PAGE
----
Page 9, 29th September 1939

29th September 1939
Page 9
Page 9, 29th September 1939 — The Adventures of deus the Cat By Peter Thompson
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Organisations: Congress, French King's Court
Locations: Prufootle City, Paris

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The Adventures of deus the Cat By Peter Thompson

Keywords: Cat, Ginger, Amadeus, Tabby Cat

What has happened already AMADEUS, a fine black cat who lives in Prufootle Castle, is asleep outside the Castle gates, In the main square of Prufootle City.

He is awakened by his friend, GINGER, a farm cat, who wants to know when the next choir practice, in which most cats of Prufootle City take part, will take place.

After a little, Amadeus goes to sleep again, but late in the afternoon he Is awakened by DELPHINIUM GIZZARD, the thin daughter of the toffee-apple woman, who spills water over him, and, when he is angry with her, tells him that he is going to get "a nasty surprise " very soon.

THE GRAND DUKE AND DUCHESS OF PRUFOOTLE return that evening to the Castle from Paris. There is much ceremonial on their return.

Amadeus dresses himself in a pink satin jacket with pictures of mice on it made of jewels, He brushes his tall and curls his whiskers, but when be sees the Duchess he becomes furiously angry and gives a terrible moan.

In the arms of the Duchess is a white poodle whose name Is STANISLAUS. He has been brought back from Faris, where he was a member of the French King's Court. Stanislaus and Amadeus are not at all friendly; though the poodle does make some attempt to be pleasant he enrages the eat by his patronising attitude.

Later in the night thirteen coaches arrive, bearing the Duchess's servants and luggage, the luggage of Stanislaus, and a little Indian boy called TIPPU who is to serve at the Duchess's table. There is one shabby suitcase amongst all the splendid luggage of the Duchess and Stanislaus, and this suitcase belongs to the Duke. It contains part of the manuscript of a secret story he is writing which already has taken up three volumes of 20,000 pages each.

Amadeus lies sleepless in bed wondering how Stanislaus can be persuaded or forced to leave the Castle. Presently he thinks of a way and falls contentedly to sleep.

This te the third part of the story, HE next morning Amadeus awoke early. Ile got out of bed, stretched himself, then • drew the heavy green and gold curtains which stopped the early morning sunshine from filling his room.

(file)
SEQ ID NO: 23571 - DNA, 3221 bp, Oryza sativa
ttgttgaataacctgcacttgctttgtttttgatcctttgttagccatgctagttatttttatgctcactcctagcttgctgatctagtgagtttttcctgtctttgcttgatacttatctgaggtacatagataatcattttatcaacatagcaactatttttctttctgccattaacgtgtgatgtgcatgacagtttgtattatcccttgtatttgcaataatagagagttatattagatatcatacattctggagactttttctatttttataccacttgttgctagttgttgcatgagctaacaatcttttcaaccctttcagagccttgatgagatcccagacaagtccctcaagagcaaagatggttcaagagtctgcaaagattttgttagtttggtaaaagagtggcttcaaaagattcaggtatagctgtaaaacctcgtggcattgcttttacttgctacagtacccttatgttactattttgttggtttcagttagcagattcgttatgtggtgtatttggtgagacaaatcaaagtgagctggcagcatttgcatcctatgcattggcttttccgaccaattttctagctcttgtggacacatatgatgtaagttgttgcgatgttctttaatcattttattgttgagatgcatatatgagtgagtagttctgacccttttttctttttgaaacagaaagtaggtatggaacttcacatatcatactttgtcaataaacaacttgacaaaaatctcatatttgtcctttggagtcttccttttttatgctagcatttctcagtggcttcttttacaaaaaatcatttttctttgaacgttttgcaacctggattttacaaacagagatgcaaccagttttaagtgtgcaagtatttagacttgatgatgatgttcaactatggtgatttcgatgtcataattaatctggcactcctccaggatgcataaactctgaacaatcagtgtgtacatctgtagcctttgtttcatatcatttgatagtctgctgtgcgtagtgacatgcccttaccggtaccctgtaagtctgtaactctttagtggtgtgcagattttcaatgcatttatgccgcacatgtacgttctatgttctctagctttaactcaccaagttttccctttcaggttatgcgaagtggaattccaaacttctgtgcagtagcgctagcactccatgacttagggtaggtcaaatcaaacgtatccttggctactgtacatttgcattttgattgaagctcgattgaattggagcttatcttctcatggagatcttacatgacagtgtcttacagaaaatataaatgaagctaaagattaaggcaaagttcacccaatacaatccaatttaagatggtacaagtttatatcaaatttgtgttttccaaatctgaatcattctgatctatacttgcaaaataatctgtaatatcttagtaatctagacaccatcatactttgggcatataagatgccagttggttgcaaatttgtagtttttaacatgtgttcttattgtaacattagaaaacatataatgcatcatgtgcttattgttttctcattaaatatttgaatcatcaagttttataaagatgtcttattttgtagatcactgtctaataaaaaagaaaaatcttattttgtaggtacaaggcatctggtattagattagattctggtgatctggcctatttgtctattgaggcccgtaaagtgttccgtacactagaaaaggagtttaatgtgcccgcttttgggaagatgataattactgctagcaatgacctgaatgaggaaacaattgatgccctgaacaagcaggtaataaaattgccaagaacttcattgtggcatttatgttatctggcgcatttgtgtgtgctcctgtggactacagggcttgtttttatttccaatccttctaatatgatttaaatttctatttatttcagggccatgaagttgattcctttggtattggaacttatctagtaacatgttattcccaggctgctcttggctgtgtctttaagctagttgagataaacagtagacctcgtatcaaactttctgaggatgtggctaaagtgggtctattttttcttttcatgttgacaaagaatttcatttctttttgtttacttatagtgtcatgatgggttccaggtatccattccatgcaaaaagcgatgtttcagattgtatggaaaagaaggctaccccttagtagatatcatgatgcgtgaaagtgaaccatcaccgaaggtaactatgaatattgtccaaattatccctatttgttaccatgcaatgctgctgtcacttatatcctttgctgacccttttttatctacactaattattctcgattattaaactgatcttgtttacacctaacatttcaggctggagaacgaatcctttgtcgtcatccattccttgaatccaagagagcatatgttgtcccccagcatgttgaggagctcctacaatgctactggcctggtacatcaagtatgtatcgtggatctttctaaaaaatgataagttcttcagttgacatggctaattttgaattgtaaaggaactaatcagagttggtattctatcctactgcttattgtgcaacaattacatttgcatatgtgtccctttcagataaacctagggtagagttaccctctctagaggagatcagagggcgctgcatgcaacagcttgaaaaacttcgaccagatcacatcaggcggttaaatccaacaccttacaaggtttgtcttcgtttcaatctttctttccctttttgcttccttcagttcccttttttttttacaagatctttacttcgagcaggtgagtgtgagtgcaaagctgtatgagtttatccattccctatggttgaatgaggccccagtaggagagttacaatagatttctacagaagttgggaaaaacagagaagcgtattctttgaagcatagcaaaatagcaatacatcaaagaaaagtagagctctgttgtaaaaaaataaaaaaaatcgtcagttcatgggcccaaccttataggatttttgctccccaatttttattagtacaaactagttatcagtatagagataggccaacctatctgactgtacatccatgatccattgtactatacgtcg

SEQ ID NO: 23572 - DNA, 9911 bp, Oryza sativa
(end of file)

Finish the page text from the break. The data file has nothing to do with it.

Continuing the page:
He opened one of the tall windows and went out on to the balcony. He looked out over the Castle gardens : prim lawns with statues upon them of beautiful ladies without clothes; and large flower beds full of geraniums and small blue flowers that kept close to the ground. There was not a leaf or a petal out of place.

Beyond the gardens were the little fields and streams and small woods of the farms which gave meat, milk, fruit and beer to the Castle. Sheep were calling to each other, telling

each other what a pleasant, quiet night ii had been and of the dreams they had had. Birds flew up out of the trees and shouted their morning salutation to the sun; in the farmeheds cows were beginning to say in deep voices: "Whennnn . . is that girl coming to take our milk's' Laaaate . . again," Beyond the farmlands was the Great Forest, and in all the noise and sunshine of this fine morning it was dark and hushed.

From under every window-sill and balcony of the Castle, house-martins eat in their round mud homes and chattered about the quality of breakfast worms and how beautiful was the day.

A MADEUS et retched himself again r1 and thought of his plan for getting rid of Stanislaus. Because it seemed to him such a very good plan, and because the sunshine was so warm and the land looked gentle and the birds chattered and sang so loudly, he laughed. " Oh, I am so happy. It is marvellous to be alive. I, am so happy," he said, aloud. The disrespectful house-martins chanted in chorus: Cats' pyjamas, cats' pyjamas, Amadeus cannot harm us.

But Amadeus did not mind. He was so happy he began singing a song, the words of which he made up as he went

along. He sang to the tune of the minuet from Mr Gluck's new opera called Orpheus. It was a stately and subtle piece of munic not really suited to telling everyone how happy one felt on a fine morning, but Amadeus had been practising the piece a lot on his violin and its notes ran constantly in his head. He fitted his words to the tune rather higgledy-piggledy; and this Is what he sang: Prufootle, how I love to be here, Lazing on your balconies; Purring, purring to the sun, Eull at my ease With everyone.

Not even noise of tedious birds Nor the snores of Stanislaus Can disturb my happiness With this fine house And all I possess.

It was a, very complacent song, but he sang It with beautiful expression. When he had finished singing, he went back to his bedroom and shut the window so as not to hear the rude comments of the house-martins.

AFTER breakfast he put on a short white cloak and went out. He walked down the Castle drive and out through the great iron gates. On his way across the city square he stopped to say " Good morning " to Mrs Gizzard, who was seated at her accustomed place by her stall at the foot of the statue of the late Graced Duke of Prufootle.